But things were still quite confusing. We didn’t know where we were being taken exactly, one officer said back to the police station and others said the jail. We could understand a little of what the officers were speaking about in the truck and they were joking that by the time we left jail we would be fluent in Urdu. When we arrived at the jail I was ordered to get out of the truck. Nate and I had already talked that we would be adamant about not separating until we could communicate with someone we trusted: either a lawyer, our high commission or one of our friends. So we put up quite a fight when they were ordering me to get out of the truck without Nate. Thankfully a lady was walking out the jail that spoke English well enough that I could explain that we had not been able to call anyone and she at least got the guards to allow Nate to come inside with me. Once inside we were asked to separate again. But Nate stubbornly sat outside of the office while I tried to reason with a head matron. She was not impressed that we were not backing down and told me I was “wasting her time” when I told her all we wanted to do was make one phone call. I actually walked out on her and clung to Nate as he tried to tell the guard that we needed to know if Pervez was outside at least. At that time one of our friends arrived that knew Urdu and calmed us by letting us know that a lawyer was being contacted, that the high commission of Canada knew what was going on, and that our friends were working hard to figure this out for us. At that point, he reminded us that we could do nothing but wait. He said that this would be the hardest moment of our life possibly, and he was correct.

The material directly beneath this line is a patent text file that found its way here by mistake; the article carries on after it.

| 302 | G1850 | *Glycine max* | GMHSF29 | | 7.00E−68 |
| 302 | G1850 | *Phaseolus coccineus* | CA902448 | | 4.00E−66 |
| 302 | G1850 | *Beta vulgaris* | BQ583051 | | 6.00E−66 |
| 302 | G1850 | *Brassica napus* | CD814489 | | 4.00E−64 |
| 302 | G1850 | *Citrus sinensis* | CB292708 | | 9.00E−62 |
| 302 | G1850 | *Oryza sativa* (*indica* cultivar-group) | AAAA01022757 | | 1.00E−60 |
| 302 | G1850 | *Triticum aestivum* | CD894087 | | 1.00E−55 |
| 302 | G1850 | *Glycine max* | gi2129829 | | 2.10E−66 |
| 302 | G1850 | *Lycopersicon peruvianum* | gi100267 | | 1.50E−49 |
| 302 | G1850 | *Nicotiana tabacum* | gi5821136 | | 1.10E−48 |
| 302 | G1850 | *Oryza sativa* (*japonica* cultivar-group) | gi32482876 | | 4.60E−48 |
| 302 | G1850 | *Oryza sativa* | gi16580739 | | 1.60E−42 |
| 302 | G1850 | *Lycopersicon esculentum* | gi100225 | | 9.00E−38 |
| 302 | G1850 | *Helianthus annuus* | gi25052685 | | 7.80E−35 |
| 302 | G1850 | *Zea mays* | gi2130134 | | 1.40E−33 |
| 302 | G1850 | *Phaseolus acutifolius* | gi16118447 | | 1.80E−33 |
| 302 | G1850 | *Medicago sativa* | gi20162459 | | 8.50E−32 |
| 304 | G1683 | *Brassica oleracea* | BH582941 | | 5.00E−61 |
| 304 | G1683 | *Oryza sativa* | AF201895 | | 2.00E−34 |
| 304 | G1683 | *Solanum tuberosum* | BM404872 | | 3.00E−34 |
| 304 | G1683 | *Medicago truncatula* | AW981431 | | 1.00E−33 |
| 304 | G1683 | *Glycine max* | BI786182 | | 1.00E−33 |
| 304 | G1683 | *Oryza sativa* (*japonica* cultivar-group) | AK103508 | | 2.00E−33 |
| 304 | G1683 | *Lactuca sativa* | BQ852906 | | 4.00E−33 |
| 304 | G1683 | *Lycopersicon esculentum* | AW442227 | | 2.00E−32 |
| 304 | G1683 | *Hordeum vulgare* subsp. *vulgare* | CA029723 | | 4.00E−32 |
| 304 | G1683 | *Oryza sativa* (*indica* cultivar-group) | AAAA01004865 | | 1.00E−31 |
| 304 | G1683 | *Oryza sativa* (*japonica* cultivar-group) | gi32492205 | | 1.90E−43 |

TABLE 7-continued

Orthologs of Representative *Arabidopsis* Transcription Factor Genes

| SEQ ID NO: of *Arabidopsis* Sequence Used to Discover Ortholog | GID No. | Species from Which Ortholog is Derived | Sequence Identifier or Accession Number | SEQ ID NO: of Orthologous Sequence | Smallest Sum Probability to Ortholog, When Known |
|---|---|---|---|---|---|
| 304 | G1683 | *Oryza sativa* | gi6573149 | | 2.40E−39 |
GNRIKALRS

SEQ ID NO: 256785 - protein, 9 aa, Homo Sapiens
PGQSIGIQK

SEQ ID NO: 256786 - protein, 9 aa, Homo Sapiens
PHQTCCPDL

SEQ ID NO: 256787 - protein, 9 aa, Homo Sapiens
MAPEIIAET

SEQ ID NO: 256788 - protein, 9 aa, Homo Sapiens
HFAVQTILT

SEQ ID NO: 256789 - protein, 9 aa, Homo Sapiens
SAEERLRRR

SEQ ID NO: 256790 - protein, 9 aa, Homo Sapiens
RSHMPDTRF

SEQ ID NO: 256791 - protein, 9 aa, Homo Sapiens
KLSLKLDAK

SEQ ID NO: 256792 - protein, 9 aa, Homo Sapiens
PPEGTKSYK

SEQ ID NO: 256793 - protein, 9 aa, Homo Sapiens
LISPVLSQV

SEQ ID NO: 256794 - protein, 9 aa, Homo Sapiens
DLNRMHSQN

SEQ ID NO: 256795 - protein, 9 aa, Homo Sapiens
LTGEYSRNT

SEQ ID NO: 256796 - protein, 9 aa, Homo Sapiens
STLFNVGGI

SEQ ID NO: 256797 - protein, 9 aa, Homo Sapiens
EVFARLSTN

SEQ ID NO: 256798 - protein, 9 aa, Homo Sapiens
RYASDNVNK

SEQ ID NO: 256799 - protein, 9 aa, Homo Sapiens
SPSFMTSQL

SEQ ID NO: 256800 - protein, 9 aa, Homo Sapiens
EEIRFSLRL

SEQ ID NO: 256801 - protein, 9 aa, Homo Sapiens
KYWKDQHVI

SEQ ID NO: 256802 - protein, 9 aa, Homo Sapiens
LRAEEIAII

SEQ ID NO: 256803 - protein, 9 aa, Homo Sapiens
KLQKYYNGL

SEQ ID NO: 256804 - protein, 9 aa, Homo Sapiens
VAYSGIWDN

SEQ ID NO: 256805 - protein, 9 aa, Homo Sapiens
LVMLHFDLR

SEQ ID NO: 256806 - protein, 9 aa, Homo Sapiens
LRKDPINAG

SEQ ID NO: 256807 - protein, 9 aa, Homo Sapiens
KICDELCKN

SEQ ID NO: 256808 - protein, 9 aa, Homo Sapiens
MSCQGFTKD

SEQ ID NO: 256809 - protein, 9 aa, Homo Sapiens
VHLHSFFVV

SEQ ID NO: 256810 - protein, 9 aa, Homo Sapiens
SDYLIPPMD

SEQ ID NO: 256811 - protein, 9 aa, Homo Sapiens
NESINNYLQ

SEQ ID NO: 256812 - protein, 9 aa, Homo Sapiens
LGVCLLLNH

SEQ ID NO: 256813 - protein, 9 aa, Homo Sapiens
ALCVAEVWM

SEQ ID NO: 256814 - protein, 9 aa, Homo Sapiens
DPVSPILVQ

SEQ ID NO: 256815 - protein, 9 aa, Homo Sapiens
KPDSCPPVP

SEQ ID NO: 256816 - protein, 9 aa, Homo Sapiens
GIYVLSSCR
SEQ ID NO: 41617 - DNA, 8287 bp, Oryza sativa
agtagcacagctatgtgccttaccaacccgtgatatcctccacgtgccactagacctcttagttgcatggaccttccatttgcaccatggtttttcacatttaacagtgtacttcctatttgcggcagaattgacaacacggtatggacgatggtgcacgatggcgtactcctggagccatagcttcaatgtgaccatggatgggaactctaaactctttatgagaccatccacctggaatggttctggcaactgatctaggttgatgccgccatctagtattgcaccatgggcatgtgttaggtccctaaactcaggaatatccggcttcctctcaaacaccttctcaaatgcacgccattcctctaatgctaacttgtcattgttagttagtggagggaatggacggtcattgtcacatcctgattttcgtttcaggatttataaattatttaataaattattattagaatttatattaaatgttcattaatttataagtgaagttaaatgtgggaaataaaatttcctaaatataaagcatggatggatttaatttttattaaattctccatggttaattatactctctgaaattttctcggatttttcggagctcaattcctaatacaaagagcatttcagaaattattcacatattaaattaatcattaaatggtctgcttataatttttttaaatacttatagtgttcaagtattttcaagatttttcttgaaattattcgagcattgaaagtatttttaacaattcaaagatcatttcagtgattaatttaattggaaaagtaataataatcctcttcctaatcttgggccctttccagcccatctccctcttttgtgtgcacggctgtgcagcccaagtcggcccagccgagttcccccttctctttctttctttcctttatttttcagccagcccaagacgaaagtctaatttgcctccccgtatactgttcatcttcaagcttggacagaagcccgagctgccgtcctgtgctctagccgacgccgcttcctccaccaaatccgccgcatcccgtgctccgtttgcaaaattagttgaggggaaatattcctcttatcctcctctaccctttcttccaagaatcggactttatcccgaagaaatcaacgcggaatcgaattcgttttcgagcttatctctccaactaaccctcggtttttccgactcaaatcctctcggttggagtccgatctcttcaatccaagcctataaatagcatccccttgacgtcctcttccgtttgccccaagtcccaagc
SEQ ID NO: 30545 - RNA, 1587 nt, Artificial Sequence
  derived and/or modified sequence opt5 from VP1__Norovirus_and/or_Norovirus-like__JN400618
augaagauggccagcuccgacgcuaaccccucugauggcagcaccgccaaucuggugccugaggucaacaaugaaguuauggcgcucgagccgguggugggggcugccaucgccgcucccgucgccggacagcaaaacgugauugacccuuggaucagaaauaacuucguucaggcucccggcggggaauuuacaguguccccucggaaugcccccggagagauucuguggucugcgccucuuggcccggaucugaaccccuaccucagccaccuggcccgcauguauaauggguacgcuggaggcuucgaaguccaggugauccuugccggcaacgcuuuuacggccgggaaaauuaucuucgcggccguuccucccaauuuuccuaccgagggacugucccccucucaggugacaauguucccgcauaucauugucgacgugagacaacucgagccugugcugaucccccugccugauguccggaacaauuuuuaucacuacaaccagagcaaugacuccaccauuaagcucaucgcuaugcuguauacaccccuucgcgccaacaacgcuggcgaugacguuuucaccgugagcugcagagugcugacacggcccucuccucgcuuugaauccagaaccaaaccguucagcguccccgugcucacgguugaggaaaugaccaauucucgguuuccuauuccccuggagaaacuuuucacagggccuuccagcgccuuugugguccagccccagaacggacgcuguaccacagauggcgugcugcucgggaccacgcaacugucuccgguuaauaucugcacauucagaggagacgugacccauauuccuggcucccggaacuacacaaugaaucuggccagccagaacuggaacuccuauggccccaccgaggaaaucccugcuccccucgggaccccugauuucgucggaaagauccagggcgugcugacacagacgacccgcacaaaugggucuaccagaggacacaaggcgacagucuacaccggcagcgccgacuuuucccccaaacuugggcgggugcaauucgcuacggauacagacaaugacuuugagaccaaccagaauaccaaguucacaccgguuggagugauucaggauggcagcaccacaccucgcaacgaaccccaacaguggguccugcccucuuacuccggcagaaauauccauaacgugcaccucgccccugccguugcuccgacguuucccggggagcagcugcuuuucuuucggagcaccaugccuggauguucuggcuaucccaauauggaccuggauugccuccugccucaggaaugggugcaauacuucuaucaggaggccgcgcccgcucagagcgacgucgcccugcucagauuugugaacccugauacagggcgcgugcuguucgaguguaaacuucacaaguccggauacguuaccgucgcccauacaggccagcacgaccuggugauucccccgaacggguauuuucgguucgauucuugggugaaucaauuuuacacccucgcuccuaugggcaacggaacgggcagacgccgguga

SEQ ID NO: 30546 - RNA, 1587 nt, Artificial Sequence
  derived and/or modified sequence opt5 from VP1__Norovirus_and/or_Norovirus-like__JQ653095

He was correct because that moment led to three weeks of separation, confusion, and frustration. I did not see Nate for another 8 days.

     I met the lawyer on July 13. Some friends were able to visit on July 15 (before they were told to stay away because of publicity). I met someone from the High Commission on July16. I saw the lawyer again on July 20. And finally went to court and saw Nate on July 21.